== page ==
“Pay Yourself First”, one of the biggest motto’s in the personal finance world, is a hugely empowering and motivating concept that stimulates you to keep your savings goals at the top of your list. It’s origins are attributed to George Clason’s famous book The Richest Man in Babylon and although the book is nearly a century old, many of its lessons are still extremely valuable today.
I can hear objections already “But I am not a business owner, I can’t pay myself”, or maybe you do own your own company and think: “I need to pay my people first before I can pay myself”. Then yes you are totally right in both cases. But that is not what this concept is about.
Pay yourself first has nothing to do with your salary. It has all to do with priorities. You can be on a regular pay roll and get paid by your boss but still pay yourself first. Or you can be a business owner and pay your employees before anybody else, then pay all your creditors but still pay yourself first.
Pay yourself first has everything to do with setting priorities for your finances. Let’s complete a mental exercise about the road that your money takes every month. It of course starts with pay-day: you receive your paycheck. The first thing that happens even before you receive that money are the taxes taken out of it. Then you receive whatever is left over and probably one of the first things you need to pay are the rent or the mortgage. Then there’s the car your paying off, insurance to pay, utility and food bills and you’re in desperate need for a new coat and of course you’re joining your co-workers for a Friday afternoon drink after work. You likely have some more to add. So the list continues until there’s hardly anything left at the end, right?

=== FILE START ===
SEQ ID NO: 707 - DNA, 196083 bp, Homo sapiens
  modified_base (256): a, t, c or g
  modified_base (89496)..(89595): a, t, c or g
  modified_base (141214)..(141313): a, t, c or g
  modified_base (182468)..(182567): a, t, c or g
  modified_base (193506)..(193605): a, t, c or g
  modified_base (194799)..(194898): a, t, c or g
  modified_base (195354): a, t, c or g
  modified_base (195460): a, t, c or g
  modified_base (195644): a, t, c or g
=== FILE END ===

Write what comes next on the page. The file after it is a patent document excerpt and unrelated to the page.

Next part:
So let’s see who’s being paid here then, as it certainly wasn’t you!
taxes of course are payments to the state;
rent – there’s your landlord getting paid;
mortgage – that will be your bank manager getting paid;
car payments – another one for your bank manager or car dealer;
insurance – the insurance company will have that, thank you very much!
water and electricity bills – your utilities companies cashing in
a new coat – that’s your shop assistant and retailer getting paid.
Friday afternoon drink – the bar owner will happily hold out his hand.
And the list of course goes on and on. So where’s your payment? How do you benefit from the money that you earned? Of course you’re able to buy yourself a shelter over your head with that income by paying off you mortgage or paying rent, but that money is being paid to somebody else. With your pay you are also able to buy food and clothes and security in the form of insurance, but whilst you are purchasing these items, somebody else is also benefiting from you buying these products: they are getting paid by you. The one person who doesn’t seem to be being paid is YOU.
Now it would be ridiculous to say that you shouldn’t buy these items and stop paying other people, as you probably wouldn’t survive very long or have a miserable life living at the margins. That’s why this step isn’t called “Stop paying others”. Our society and economy are based on exchanging goods and services for money and it is a key part to survival, happiness and life. Instead “Pay yourself First” encourages you to – before anything else – pay yourself first before you start giving away your money to others.
Although you might not be able to change so much about the fact that taxes are taken out of your pay first (although of course there are some pension funds that will let you invest tax-free and then you could always consider moving to a lower tax state or country), you can pretty much make sure that as soon as you receive your net pay, that you pay yourself first.